How do you like to take your fascism?

Until recently, I thought I overused the word fascist.  Now I wonder.  Years ago – more than ten years – I offered the following.

What do I mean by ‘fascism’?  I mean a commitment to the strongest kind of government of a people along overtly militarist and nationalist lines; a government that puts itself above the interests of any or indeed all of its members; a commitment that is driven by faith rather than logic; with an aversion to or hatred of equality, minorities, strangers, women and other deviants; a contempt for liberalism or even mercy; and a government that is prone to symbolism in weapons, uniforms, or its own charms or runes, and to a belief in a charismatic leader. 

The word came originally from the Latin word fasces, the bundle of rods and axes carried before Roman consuls as emblems of authority, and was first applied to the followers of the Italian dictator, Benito Mussolini, Il Duce, and then to the followers of Il Caudillo, Generalissimo Franco, and the Fuhrer, Adolf Hitler.  Fascists are thick-skinned, thick-headed, and brutal.  They despise intellectuals – who are after all deviants – but they may have an untutored and irrational rat cunning.

As Professor Simon Blackburn of Cambridge University tersely remarks: ‘The whole cocktail is animated by a belief in regeneration through energy and struggle’ (kampf).  To an outsider, it looks like pure moonshine that is the first refuge of a ratbag and a bully, a brilliant and seductive toy for the intellectually and morally deprived, and an eternal warning of the danger of patriotism to people of good sense and good will.  But while that ‘cocktail’ may look la bit much for Plato, it looks fair for Sparta.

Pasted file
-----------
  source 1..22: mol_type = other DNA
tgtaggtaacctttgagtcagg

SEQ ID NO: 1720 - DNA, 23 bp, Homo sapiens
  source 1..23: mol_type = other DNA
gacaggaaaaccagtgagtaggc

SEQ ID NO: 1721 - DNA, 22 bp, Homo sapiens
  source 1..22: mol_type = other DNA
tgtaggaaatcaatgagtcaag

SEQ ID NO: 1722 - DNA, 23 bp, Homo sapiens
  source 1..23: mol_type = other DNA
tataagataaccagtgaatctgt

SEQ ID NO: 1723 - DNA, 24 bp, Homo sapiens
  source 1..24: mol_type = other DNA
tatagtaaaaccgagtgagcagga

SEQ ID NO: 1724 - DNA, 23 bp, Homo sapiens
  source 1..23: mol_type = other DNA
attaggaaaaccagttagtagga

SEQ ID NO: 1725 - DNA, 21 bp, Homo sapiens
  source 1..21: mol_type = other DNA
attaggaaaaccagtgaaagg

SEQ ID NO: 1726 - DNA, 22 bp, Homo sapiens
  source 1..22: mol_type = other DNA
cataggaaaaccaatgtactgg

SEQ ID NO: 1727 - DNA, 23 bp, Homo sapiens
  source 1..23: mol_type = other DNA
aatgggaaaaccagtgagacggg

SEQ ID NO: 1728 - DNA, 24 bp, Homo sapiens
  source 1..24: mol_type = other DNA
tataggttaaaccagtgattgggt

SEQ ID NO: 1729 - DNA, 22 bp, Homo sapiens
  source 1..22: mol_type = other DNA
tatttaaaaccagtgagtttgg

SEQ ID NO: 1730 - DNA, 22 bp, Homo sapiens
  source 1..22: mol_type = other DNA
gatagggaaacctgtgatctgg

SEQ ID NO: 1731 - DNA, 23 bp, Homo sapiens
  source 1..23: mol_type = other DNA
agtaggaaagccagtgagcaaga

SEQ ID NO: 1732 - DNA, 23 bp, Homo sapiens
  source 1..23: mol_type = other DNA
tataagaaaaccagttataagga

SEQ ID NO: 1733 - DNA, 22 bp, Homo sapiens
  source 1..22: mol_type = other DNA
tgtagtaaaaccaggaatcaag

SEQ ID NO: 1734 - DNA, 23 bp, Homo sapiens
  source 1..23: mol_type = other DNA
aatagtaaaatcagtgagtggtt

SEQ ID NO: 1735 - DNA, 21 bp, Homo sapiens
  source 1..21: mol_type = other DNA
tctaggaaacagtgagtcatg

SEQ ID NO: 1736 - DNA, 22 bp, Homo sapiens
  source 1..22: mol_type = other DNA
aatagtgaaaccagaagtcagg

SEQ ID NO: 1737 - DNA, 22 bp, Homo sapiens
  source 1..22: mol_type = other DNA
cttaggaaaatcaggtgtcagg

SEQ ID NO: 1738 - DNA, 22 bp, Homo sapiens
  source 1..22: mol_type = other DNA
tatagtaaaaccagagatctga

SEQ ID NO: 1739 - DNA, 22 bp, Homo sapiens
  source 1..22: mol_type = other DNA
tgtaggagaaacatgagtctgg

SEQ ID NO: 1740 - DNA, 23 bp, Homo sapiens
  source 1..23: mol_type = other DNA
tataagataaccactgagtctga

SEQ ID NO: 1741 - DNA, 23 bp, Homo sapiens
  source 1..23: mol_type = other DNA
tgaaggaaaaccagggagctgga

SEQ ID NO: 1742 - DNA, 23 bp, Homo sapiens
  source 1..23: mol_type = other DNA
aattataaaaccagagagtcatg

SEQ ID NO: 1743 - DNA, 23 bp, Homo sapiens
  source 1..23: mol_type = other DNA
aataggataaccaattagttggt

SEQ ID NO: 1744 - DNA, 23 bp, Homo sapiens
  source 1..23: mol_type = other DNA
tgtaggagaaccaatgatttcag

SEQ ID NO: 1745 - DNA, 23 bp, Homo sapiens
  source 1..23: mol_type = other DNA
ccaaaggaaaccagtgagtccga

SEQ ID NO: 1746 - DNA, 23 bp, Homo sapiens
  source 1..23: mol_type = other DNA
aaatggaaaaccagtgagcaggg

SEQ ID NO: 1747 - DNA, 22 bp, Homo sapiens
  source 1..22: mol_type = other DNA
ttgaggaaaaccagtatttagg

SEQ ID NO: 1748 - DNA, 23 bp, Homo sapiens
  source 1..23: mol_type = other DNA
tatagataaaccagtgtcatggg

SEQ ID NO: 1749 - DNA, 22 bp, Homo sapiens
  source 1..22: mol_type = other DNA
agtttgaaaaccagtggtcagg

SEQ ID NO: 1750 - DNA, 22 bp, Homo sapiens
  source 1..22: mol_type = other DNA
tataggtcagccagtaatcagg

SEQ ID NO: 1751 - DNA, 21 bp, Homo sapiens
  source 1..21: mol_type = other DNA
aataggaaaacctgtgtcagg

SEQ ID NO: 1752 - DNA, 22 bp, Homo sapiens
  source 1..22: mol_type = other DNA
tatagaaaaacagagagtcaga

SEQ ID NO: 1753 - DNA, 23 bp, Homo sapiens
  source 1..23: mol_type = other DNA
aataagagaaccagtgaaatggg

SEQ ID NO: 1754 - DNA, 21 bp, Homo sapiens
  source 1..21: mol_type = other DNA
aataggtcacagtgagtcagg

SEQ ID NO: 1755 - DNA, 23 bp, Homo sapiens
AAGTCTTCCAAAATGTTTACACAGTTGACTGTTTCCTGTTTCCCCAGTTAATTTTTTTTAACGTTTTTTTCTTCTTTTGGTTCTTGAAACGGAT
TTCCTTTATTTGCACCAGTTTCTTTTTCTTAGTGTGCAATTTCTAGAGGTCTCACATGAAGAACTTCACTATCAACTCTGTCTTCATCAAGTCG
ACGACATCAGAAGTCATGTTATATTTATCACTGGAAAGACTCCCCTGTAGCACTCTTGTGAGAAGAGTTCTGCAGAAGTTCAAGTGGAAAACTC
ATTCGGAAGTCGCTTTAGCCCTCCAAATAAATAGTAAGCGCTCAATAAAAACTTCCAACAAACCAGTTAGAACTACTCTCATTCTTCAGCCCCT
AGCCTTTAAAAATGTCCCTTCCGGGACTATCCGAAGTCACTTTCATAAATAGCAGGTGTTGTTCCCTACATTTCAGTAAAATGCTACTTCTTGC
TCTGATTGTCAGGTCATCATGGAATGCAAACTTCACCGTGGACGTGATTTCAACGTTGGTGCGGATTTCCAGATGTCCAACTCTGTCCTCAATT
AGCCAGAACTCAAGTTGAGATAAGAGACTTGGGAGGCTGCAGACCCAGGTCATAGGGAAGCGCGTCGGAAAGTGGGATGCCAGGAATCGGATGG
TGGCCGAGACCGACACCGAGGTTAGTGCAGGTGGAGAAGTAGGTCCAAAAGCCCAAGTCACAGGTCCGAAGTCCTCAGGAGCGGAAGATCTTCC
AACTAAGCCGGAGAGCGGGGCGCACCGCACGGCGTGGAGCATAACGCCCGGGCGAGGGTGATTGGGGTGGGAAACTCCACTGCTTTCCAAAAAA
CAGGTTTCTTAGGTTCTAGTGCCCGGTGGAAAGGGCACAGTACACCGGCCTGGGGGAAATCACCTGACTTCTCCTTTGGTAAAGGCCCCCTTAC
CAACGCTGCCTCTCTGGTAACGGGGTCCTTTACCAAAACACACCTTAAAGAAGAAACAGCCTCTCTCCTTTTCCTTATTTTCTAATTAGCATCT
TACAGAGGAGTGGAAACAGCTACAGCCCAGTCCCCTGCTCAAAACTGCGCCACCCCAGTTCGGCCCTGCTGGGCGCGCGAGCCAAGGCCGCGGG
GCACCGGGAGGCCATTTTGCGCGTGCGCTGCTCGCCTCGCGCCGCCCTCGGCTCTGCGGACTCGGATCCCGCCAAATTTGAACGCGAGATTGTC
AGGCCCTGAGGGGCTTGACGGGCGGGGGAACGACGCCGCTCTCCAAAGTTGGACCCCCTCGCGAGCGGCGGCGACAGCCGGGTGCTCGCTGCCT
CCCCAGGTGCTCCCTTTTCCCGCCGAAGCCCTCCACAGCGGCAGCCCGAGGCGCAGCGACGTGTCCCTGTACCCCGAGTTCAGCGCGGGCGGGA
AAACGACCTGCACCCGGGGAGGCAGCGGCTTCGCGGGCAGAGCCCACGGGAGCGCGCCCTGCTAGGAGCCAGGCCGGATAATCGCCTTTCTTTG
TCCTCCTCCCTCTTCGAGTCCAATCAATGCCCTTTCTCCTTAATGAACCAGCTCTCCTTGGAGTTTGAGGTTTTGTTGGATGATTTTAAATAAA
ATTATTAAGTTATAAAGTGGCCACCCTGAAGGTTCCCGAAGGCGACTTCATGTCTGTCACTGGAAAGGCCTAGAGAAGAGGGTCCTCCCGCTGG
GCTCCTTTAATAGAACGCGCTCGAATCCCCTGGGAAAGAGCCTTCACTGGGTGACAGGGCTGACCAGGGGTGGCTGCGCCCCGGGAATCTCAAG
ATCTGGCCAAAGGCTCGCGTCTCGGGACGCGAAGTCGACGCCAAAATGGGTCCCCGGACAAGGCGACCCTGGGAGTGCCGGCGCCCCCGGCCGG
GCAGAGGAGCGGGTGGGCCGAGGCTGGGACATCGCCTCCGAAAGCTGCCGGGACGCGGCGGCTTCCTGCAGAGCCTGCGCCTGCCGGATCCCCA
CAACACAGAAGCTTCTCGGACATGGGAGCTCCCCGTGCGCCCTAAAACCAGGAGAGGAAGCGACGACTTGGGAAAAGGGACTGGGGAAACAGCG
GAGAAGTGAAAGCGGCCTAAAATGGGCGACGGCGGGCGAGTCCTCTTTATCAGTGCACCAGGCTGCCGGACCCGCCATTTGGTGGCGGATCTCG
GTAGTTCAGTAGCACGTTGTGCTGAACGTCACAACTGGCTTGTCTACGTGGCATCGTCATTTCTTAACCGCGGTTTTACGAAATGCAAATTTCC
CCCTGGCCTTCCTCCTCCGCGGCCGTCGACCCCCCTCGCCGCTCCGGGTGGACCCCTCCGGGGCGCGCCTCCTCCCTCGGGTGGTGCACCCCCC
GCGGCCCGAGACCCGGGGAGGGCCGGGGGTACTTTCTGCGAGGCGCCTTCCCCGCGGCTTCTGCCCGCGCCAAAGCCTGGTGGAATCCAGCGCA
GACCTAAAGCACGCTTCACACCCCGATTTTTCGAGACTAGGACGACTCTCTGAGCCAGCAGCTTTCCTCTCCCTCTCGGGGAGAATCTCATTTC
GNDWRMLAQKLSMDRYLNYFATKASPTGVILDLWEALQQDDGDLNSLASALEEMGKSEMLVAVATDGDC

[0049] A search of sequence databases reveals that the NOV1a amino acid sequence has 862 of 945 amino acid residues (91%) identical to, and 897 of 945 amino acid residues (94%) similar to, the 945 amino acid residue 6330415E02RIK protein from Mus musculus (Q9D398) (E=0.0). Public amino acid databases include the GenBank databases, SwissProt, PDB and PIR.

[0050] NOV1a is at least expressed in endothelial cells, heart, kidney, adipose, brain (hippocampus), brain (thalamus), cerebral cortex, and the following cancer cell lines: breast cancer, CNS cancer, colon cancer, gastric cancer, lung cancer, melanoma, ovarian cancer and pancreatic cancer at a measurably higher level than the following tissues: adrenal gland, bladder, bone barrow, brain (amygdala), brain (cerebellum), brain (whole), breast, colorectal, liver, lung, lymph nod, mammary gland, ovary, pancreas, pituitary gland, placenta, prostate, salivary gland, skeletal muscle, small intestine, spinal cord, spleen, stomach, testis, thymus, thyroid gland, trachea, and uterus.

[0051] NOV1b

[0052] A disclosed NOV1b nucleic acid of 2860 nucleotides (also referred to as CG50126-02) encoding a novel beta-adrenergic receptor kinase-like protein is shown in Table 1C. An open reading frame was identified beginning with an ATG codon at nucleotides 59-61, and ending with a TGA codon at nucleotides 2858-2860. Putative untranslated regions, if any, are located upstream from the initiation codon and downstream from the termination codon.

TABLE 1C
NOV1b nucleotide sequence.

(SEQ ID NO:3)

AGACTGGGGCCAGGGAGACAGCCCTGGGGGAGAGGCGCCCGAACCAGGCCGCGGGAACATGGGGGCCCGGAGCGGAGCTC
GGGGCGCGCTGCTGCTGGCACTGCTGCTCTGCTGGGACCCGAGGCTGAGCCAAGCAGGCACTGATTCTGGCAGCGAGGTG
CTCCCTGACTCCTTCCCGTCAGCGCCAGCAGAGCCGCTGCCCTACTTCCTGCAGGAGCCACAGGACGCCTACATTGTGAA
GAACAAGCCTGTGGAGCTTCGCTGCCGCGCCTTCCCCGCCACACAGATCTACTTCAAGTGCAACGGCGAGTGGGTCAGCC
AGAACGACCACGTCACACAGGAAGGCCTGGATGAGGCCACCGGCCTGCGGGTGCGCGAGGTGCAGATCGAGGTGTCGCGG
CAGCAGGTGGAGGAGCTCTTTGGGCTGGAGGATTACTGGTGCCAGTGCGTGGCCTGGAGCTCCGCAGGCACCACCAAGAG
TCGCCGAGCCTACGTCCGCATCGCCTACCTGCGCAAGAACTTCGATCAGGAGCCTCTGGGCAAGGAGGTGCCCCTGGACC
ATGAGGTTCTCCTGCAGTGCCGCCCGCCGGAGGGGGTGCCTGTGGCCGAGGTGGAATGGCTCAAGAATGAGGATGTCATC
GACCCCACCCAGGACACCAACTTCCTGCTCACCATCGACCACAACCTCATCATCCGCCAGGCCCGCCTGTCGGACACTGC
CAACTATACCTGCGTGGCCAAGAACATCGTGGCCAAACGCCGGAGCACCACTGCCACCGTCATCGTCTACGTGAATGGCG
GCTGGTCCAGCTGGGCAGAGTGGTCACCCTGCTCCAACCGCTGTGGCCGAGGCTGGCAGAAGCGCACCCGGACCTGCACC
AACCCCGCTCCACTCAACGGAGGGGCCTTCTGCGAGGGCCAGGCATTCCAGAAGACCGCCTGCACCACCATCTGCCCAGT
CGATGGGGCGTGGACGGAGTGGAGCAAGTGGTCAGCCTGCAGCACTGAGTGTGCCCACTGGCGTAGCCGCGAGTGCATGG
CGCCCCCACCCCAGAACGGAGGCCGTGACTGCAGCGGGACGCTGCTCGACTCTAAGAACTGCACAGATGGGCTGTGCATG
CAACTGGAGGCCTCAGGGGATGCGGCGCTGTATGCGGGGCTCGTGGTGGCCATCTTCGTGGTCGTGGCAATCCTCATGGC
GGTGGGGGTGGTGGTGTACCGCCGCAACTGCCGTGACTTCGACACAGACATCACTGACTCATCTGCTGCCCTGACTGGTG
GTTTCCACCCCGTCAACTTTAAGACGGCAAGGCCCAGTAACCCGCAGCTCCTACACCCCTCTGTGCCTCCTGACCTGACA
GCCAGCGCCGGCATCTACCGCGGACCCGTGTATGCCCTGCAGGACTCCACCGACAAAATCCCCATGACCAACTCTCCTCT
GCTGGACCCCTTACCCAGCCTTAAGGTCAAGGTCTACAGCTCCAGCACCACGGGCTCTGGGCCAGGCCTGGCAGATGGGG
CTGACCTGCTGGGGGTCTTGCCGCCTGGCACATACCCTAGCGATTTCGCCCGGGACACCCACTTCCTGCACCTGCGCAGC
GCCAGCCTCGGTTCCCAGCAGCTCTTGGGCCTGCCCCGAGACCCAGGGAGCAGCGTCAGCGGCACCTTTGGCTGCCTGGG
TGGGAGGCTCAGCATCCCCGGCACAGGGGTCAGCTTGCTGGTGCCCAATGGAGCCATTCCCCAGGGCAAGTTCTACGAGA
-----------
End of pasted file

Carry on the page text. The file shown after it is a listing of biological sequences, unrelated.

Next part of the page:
I am reading about what is now called the ‘far right’.  That is tricky, because I have trouble understanding what the ‘right’ is.  But it is clear that those who call themselves ‘conservative’ here and the U S, but not England, tend to have very different views about the environment than others do.  And the difference grows as you go the edge.  Most clearly in the US, but also in places like Hungary and Poland, those with views we would regard as extremely illiberal look to have views about climate that are unreasonable – just as ‘fascists’ felt the need to have their own demons to go after. 

A lot of the connections are very worrying – if not terrifying.  Especially with the rise of conspiracy theories that surge incessantly in people who feel naked without a mobile phone in hand.  We have just seen, it seems, an appalling instance of the lethal capacity of conspiracy theories in Queensland.  Those who have lost out in the race of life succumb to the bad dreams of conspiracy theorists and form cadres of the fallen that offer asylum to the politically homeless.

A recurring issue is a fear of a loss of standing of or among the people at large.  At its worst, this is a fear of dilution of the blood of the people – and a contempt for those of different blood.  Many Americans were unsettled to see a black man in the White House.  Boris Johnson said: ‘The real problem with the Islamic world is Islam’ and that ‘The best fate for Africa would be if the old colonial powers, or their citizens, scrambled once again in her direction; on the understanding that this time they will not be asked to feel guilty.’  That’s from a man who would become Prime Minister of a country that was troubled about maintaining a statue for Cecil Rhodes.  Jair Bolsonaro said that ‘Minorities have to bend down to the majority’ and their choice was to ‘either adapt or simply vanish.’

What we see now so often is a reflection of former kinds of fascism – people who have a dream about the past and a nightmare about the future.  They posit a past grandeur being reborn to return the nation to its exalted and exclusive position.  That they are false about the past is palpable.  The falsity of their future is inevitable.

Historians now see three phases in the violent edge on the right. 

First, there has to be a crisis.  My understanding is that historians say that the probabilities are that Hitler would not have come to power but for the Crash and the Depression.  The same goes for Mussolini and the Great War.

Secondly, the dominant class must be willing to allow the fascists to deal with the crisis.  That was clearly so with Mussolini, Hitler and Franco (and in different caricature, with Lenin in 1917).  You can call it doing a deal with the devil – on the false understanding that you will be able to undo it.   And just wash your hands.  Like Pontius Pilate.